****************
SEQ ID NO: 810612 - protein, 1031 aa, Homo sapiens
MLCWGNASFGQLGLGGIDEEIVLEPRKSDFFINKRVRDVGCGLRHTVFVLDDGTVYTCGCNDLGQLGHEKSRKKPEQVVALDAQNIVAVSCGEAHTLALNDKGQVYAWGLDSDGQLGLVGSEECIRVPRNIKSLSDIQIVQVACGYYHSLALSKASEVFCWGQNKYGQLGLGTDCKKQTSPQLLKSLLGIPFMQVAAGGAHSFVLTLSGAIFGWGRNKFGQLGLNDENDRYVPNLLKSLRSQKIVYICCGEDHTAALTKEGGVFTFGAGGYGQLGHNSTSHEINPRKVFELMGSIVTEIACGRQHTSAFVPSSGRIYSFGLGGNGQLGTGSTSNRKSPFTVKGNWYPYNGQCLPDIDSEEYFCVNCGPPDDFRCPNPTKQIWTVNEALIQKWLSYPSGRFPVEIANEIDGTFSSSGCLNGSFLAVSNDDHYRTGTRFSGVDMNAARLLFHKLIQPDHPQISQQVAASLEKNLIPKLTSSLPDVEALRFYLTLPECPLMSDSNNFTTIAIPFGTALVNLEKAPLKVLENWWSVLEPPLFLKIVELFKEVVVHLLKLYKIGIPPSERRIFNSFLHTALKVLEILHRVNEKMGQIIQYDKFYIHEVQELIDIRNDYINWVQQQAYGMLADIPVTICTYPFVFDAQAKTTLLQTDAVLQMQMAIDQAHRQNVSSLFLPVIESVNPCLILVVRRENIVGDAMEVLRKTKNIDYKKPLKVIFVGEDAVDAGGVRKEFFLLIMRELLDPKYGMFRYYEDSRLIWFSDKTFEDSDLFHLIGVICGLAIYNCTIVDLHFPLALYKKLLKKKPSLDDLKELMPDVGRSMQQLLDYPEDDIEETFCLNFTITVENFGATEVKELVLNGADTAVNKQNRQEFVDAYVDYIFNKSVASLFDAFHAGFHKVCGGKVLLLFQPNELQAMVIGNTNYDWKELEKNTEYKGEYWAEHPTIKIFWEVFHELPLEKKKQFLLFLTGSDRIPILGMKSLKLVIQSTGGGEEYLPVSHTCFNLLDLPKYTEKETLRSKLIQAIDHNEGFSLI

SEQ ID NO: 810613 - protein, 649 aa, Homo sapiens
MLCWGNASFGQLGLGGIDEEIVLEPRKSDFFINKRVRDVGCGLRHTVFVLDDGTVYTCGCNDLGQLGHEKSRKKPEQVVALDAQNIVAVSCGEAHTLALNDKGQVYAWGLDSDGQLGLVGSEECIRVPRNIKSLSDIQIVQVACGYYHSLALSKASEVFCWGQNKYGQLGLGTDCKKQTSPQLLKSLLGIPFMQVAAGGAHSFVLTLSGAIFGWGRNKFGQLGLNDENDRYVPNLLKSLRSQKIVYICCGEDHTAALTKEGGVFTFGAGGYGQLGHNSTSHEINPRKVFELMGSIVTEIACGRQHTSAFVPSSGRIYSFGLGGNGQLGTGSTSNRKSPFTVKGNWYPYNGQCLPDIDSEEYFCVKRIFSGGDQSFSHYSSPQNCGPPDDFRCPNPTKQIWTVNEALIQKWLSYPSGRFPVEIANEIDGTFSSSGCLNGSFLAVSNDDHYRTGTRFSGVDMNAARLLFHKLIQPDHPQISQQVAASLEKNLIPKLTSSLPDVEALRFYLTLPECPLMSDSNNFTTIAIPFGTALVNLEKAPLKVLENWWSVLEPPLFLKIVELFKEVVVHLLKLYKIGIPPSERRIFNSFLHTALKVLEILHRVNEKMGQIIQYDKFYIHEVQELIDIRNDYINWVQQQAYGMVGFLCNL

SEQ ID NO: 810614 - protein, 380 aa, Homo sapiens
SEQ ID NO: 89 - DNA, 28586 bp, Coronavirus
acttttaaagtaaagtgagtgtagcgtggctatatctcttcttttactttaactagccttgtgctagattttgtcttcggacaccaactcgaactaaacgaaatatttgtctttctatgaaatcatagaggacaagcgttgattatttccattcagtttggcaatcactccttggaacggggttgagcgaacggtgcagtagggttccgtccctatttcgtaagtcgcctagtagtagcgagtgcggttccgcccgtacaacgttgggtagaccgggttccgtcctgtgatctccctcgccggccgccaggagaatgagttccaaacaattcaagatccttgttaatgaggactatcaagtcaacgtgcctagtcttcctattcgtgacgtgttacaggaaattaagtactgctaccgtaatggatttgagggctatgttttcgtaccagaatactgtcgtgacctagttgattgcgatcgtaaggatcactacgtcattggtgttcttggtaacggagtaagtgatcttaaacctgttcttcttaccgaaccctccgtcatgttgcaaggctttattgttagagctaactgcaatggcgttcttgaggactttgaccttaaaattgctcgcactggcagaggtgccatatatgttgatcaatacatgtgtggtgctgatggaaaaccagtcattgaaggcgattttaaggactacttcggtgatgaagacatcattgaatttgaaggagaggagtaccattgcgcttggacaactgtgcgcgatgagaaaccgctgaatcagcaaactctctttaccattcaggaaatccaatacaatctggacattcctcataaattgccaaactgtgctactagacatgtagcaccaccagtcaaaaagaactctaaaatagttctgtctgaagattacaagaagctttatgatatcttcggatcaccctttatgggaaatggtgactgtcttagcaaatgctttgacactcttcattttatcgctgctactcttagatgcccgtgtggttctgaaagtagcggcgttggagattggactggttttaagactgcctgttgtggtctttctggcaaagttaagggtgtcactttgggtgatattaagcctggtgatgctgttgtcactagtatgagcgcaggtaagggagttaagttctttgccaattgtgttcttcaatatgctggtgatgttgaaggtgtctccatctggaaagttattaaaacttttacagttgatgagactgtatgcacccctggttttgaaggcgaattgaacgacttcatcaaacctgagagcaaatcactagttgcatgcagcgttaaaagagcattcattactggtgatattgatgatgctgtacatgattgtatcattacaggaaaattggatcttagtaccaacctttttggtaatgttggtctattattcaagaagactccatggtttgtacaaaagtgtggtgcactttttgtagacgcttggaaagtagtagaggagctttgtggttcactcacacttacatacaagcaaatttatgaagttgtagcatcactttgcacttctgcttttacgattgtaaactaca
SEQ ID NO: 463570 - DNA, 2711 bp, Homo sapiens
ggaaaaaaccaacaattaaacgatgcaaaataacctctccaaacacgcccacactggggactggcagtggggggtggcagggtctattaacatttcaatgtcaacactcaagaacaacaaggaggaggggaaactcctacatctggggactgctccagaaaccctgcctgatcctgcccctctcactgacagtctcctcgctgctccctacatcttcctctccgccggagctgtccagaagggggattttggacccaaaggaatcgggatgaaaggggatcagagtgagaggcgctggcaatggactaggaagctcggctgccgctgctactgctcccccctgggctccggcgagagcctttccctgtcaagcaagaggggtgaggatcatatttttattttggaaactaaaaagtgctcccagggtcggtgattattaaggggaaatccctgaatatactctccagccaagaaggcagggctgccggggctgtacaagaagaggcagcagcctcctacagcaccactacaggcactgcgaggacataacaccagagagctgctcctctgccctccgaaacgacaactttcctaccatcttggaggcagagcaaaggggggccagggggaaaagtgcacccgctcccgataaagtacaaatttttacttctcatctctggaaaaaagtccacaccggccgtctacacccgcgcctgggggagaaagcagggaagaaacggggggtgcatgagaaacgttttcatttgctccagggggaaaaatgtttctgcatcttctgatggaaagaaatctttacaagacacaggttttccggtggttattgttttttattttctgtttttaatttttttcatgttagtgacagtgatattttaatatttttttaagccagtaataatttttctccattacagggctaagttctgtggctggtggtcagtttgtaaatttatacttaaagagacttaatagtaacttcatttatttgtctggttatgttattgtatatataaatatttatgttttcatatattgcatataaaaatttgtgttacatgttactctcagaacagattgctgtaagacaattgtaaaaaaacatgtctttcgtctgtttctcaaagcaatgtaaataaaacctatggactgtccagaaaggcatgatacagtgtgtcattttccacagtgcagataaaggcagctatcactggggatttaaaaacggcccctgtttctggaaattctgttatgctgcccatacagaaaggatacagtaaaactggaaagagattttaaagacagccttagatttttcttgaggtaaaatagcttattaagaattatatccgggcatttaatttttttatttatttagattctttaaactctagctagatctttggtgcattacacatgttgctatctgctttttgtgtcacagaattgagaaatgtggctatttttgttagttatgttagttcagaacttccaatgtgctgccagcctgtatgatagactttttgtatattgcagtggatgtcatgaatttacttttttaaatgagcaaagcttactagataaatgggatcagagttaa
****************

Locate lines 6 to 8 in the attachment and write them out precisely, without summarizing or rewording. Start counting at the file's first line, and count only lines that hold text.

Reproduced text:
SEQ ID NO: 89 - DNA, 28586 bp, Coronavirus
acttttaaagtaaagtgagtgtagcgtggctatatctcttcttttactttaactagccttgtgctagattttgtcttcggacaccaactcgaactaaacgaaatatttgtctttctatgaaatcatagaggacaagcgttgattatttccattcagtttggcaatcactccttggaacggggttgagcgaacggtgcagtagggttccgtccctatttcgtaagtcgcctagtagtagcgagtgcggttccgcccgtacaacgttgggtagaccgggttccgtcctgtgatctccctcgccggccgccaggagaatgagttccaaacaattcaagatccttgttaatgaggactatcaagtcaacgtgcctagtcttcctattcgtgacgtgttacaggaaattaagtactgctaccgtaatggatttgagggctatgttttcgtaccagaatactgtcgtgacctagttgattgcgatcgtaaggatcactacgtcattggtgttcttggtaacggagtaagtgatcttaaacctgttcttcttaccgaaccctccgtcatgttgcaaggctttattgttagagctaactgcaatggcgttcttgaggactttgaccttaaaattgctcgcactggcagaggtgccatatatgttgatcaatacatgtgtggtgctgatggaaaaccagtcattgaaggcgattttaaggactacttcggtgatgaagacatcattgaatttgaaggagaggagtaccattgcgcttggacaactgtgcgcgatgagaaaccgctgaatcagcaaactctctttaccattcaggaaatccaatacaatctggacattcctcataaattgccaaactgtgctactagacatgtagcaccaccagtcaaaaagaactctaaaatagttctgtctgaagattacaagaagctttatgatatcttcggatcaccctttatgggaaatggtgactgtcttagcaaatgctttgacactcttcattttatcgctgctactcttagatgcccgtgtggttctgaaagtagcggcgttggagattggactggttttaagactgcctgttgtggtctttctggcaaagttaagggtgtcactttgggtgatattaagcctggtgatgctgttgtcactagtatgagcgcaggtaagggagttaagttctttgccaattgtgttcttcaatatgctggtgatgttgaaggtgtctccatctggaaagttattaaaacttttacagttgatgagactgtatgcacccctggttttgaaggcgaattgaacgacttcatcaaacctgagagcaaatcactagttgcatgcagcgttaaaagagcattcattactggtgatattgatgatgctgtacatgattgtatcattacaggaaaattggatcttagtaccaacctttttggtaatgttggtctattattcaagaagactccatggtttgtacaaaagtgtggtgcactttttgtagacgcttggaaagtagtagaggagctttgtggttcactcacacttacatacaagcaaatttatgaagttgtagcatcactttgcacttctgcttttacgattgtaaactaca
SEQ ID NO: 463570 - DNA, 2711 bp, Homo sapiens